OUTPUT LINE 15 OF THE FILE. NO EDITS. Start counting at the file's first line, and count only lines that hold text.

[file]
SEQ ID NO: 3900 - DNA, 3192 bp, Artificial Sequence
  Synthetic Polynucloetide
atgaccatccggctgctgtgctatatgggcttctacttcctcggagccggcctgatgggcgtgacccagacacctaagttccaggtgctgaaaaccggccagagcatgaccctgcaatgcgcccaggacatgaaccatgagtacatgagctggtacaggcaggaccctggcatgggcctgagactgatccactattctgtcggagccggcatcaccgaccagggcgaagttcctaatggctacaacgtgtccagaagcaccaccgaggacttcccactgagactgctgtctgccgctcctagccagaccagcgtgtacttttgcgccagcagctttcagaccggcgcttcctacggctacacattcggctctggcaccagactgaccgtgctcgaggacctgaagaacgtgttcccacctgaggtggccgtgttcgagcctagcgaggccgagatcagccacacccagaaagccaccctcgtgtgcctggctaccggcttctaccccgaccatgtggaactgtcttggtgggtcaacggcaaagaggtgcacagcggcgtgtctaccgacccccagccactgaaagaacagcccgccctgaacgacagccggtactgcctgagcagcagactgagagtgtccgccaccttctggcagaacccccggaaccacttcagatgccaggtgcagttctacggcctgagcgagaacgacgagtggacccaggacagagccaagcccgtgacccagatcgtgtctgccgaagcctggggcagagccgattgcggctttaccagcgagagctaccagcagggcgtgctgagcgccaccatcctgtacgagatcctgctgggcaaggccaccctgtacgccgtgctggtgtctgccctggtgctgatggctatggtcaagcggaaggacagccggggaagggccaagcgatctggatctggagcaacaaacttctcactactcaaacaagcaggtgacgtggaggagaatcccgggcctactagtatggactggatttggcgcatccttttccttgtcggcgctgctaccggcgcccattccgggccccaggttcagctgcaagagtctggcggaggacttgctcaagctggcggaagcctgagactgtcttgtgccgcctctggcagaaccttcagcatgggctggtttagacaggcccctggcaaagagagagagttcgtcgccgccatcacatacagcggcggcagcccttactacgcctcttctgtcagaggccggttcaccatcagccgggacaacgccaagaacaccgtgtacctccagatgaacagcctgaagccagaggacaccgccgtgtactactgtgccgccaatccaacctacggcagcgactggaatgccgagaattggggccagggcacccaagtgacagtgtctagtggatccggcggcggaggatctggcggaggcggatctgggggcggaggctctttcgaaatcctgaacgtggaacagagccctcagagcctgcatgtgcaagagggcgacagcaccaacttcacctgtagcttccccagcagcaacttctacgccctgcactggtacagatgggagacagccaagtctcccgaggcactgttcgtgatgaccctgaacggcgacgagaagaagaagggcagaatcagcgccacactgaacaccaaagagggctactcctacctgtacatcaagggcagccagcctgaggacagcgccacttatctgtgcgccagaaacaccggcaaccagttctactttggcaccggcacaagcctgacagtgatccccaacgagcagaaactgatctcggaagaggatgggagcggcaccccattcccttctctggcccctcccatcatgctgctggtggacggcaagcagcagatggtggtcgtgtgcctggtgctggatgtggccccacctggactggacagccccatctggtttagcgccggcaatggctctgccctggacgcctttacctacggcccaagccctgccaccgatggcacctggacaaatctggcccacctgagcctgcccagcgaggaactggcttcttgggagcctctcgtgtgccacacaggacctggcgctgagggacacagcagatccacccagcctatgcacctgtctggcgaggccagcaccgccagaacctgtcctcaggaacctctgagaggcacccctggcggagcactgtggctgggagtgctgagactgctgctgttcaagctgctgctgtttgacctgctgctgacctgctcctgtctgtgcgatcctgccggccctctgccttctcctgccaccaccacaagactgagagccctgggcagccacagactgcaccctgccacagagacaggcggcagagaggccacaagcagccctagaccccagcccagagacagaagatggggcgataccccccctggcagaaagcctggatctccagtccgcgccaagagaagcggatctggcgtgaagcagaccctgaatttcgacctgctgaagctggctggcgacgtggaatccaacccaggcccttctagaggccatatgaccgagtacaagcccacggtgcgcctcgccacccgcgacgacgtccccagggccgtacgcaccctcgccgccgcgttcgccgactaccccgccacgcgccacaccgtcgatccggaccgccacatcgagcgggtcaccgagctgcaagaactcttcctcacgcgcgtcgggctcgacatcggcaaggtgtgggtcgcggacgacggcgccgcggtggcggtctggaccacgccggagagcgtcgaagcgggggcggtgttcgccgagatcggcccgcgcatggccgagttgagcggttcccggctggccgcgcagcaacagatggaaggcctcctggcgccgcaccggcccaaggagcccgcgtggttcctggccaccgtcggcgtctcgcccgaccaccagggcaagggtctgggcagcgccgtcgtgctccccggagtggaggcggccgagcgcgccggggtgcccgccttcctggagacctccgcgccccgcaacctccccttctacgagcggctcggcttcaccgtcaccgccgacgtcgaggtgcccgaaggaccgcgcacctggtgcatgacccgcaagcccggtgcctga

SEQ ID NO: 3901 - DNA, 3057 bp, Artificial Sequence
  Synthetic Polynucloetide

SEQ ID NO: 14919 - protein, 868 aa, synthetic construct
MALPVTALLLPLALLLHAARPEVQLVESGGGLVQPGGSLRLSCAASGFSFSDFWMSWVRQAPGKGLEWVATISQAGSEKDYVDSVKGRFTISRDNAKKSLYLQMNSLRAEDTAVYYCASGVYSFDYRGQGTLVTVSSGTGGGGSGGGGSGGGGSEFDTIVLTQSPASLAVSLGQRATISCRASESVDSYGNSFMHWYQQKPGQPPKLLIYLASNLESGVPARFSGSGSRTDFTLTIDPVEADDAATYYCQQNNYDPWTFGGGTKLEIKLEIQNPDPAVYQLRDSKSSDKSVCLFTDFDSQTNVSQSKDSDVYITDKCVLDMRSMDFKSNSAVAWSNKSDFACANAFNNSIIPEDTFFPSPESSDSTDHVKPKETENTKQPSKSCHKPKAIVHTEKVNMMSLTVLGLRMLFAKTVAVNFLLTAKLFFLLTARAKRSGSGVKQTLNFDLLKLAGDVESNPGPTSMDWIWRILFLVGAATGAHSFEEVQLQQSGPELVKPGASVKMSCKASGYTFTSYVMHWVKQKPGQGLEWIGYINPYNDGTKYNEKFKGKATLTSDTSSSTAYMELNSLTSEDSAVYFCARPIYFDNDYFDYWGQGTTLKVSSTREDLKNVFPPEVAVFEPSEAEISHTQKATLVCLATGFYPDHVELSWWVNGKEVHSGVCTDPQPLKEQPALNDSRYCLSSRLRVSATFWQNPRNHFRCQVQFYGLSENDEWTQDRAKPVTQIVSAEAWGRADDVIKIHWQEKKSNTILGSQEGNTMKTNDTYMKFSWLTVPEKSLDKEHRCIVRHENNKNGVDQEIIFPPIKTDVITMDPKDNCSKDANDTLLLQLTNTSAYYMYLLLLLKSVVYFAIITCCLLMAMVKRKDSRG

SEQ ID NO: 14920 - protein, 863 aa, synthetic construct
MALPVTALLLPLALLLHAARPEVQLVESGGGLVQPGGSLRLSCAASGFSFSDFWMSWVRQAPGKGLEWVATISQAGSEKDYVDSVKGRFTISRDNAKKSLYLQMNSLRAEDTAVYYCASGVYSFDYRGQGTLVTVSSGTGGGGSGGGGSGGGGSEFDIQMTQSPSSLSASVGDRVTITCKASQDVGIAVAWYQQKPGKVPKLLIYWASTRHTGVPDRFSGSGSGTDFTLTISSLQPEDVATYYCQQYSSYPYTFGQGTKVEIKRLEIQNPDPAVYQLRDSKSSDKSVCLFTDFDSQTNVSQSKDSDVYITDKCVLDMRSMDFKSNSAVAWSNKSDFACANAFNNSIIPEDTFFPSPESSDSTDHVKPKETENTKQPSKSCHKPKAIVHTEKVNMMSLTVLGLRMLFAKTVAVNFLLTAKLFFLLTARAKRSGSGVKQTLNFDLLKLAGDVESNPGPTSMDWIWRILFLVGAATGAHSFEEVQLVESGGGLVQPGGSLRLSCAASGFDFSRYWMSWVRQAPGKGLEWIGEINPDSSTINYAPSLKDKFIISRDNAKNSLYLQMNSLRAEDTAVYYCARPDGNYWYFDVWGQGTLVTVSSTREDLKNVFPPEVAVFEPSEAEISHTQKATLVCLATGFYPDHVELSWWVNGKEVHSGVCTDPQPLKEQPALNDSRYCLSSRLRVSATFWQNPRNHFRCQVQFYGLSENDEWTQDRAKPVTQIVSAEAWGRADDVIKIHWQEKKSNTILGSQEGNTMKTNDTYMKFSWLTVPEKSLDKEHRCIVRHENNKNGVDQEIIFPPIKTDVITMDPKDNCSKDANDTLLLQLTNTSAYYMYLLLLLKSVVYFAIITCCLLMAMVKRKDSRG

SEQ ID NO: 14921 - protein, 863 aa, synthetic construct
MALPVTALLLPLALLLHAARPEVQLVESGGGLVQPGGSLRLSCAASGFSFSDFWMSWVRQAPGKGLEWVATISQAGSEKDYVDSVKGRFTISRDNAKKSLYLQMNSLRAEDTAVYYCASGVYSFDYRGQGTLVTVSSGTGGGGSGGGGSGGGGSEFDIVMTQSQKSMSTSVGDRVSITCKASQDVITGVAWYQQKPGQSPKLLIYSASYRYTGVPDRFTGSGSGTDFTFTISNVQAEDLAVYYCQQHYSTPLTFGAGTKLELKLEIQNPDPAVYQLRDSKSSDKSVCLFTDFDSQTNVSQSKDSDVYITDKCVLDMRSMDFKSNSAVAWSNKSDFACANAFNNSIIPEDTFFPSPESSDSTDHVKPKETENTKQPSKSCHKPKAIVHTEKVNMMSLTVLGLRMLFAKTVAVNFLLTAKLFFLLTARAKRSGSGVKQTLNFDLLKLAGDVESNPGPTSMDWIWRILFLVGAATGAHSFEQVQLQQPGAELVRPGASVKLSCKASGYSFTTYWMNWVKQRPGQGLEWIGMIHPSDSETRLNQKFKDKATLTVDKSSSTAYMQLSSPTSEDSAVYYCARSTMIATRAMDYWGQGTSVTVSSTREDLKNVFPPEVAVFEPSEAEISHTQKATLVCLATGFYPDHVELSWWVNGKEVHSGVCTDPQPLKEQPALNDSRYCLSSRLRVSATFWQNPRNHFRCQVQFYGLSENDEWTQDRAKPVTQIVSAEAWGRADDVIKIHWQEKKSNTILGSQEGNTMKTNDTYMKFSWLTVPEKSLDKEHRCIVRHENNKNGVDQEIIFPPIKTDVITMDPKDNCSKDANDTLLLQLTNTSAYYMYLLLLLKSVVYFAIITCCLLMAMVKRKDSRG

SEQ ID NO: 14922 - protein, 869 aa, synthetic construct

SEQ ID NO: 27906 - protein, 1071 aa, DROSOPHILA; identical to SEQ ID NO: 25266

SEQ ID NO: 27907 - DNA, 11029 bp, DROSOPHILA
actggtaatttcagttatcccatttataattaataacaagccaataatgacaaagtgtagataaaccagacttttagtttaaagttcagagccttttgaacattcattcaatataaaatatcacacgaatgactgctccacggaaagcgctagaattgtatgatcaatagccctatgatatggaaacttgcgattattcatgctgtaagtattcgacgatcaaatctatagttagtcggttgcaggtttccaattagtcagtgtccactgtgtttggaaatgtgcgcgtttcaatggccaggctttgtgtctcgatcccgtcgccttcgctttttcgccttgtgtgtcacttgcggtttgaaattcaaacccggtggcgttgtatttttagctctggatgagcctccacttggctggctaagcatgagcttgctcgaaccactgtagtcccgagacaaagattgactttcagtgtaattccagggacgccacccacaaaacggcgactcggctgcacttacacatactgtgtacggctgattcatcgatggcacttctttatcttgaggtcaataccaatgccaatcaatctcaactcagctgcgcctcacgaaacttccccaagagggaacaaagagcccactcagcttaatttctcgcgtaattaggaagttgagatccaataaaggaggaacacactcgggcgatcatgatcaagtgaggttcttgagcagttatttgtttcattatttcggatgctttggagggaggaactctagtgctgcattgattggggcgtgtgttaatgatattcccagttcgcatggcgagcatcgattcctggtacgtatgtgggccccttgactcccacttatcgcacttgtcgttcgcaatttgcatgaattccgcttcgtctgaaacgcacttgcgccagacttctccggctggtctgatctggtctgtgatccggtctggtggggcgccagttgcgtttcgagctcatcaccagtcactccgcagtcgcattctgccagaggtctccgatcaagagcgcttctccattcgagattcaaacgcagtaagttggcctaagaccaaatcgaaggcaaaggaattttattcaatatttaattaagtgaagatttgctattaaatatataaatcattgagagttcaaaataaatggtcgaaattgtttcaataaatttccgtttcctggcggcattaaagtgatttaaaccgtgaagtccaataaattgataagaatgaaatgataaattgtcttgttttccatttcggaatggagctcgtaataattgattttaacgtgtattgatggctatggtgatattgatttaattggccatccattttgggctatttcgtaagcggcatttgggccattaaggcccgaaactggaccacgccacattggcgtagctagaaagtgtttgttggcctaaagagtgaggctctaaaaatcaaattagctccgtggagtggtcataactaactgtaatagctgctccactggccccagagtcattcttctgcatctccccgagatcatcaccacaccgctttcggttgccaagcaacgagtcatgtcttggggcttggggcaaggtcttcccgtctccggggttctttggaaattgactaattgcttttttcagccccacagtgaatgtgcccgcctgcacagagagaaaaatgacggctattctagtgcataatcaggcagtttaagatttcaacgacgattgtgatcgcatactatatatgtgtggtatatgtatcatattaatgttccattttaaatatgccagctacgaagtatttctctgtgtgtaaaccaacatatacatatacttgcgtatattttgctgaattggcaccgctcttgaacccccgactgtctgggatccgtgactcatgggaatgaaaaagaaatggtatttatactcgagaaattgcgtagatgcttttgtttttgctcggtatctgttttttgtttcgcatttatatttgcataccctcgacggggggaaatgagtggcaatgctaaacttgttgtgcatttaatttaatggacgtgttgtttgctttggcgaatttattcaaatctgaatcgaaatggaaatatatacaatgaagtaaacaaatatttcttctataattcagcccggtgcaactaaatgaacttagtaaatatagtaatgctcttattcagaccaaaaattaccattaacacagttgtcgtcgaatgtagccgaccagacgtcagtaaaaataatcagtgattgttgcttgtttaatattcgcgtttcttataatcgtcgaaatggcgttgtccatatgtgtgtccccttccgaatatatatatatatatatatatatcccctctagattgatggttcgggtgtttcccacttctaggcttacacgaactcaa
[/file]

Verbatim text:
actggtaatttcagttatcccatttataattaataacaagccaataatgacaaagtgtagataaaccagacttttagtttaaagttcagagccttttgaacattcattcaatataaaatatcacacgaatgactgctccacggaaagcgctagaattgtatgatcaatagccctatgatatggaaacttgcgattattcatgctgtaagtattcgacgatcaaatctatagttagtcggttgcaggtttccaattagtcagtgtccactgtgtttggaaatgtgcgcgtttcaatggccaggctttgtgtctcgatcccgtcgccttcgctttttcgccttgtgtgtcacttgcggtttgaaattcaaacccggtggcgttgtatttttagctctggatgagcctccacttggctggctaagcatgagcttgctcgaaccactgtagtcccgagacaaagattgactttcagtgtaattccagggacgccacccacaaaacggcgactcggctgcacttacacatactgtgtacggctgattcatcgatggcacttctttatcttgaggtcaataccaatgccaatcaatctcaactcagctgcgcctcacgaaacttccccaagagggaacaaagagcccactcagcttaatttctcgcgtaattaggaagttgagatccaataaaggaggaacacactcgggcgatcatgatcaagtgaggttcttgagcagttatttgtttcattatttcggatgctttggagggaggaactctagtgctgcattgattggggcgtgtgttaatgatattcccagttcgcatggcgagcatcgattcctggtacgtatgtgggccccttgactcccacttatcgcacttgtcgttcgcaatttgcatgaattccgcttcgtctgaaacgcacttgcgccagacttctccggctggtctgatctggtctgtgatccggtctggtggggcgccagttgcgtttcgagctcatcaccagtcactccgcagtcgcattctgccagaggtctccgatcaagagcgcttctccattcgagattcaaacgcagtaagttggcctaagaccaaatcgaaggcaaaggaattttattcaatatttaattaagtgaagatttgctattaaatatataaatcattgagagttcaaaataaatggtcgaaattgtttcaataaatttccgtttcctggcggcattaaagtgatttaaaccgtgaagtccaataaattgataagaatgaaatgataaattgtcttgttttccatttcggaatggagctcgtaataattgattttaacgtgtattgatggctatggtgatattgatttaattggccatccattttgggctatttcgtaagcggcatttgggccattaaggcccgaaactggaccacgccacattggcgtagctagaaagtgtttgttggcctaaagagtgaggctctaaaaatcaaattagctccgtggagtggtcataactaactgtaatagctgctccactggccccagagtcattcttctgcatctccccgagatcatcaccacaccgctttcggttgccaagcaacgagtcatgtcttggggcttggggcaaggtcttcccgtctccggggttctttggaaattgactaattgcttttttcagccccacagtgaatgtgcccgcctgcacagagagaaaaatgacggctattctagtgcataatcaggcagtttaagatttcaacgacgattgtgatcgcatactatatatgtgtggtatatgtatcatattaatgttccattttaaatatgccagctacgaagtatttctctgtgtgtaaaccaacatatacatatacttgcgtatattttgctgaattggcaccgctcttgaacccccgactgtctgggatccgtgactcatgggaatgaaaaagaaatggtatttatactcgagaaattgcgtagatgcttttgtttttgctcggtatctgttttttgtttcgcatttatatttgcataccctcgacggggggaaatgagtggcaatgctaaacttgttgtgcatttaatttaatggacgtgttgtttgctttggcgaatttattcaaatctgaatcgaaatggaaatatatacaatgaagtaaacaaatatttcttctataattcagcccggtgcaactaaatgaacttagtaaatatagtaatgctcttattcagaccaaaaattaccattaacacagttgtcgtcgaatgtagccgaccagacgtcagtaaaaataatcagtgattgttgcttgtttaatattcgcgtttcttataatcgtcgaaatggcgttgtccatatgtgtgtccccttccgaatatatatatatatatatatatatcccctctagattgatggttcgggtgtttcccacttctaggcttacacgaactcaa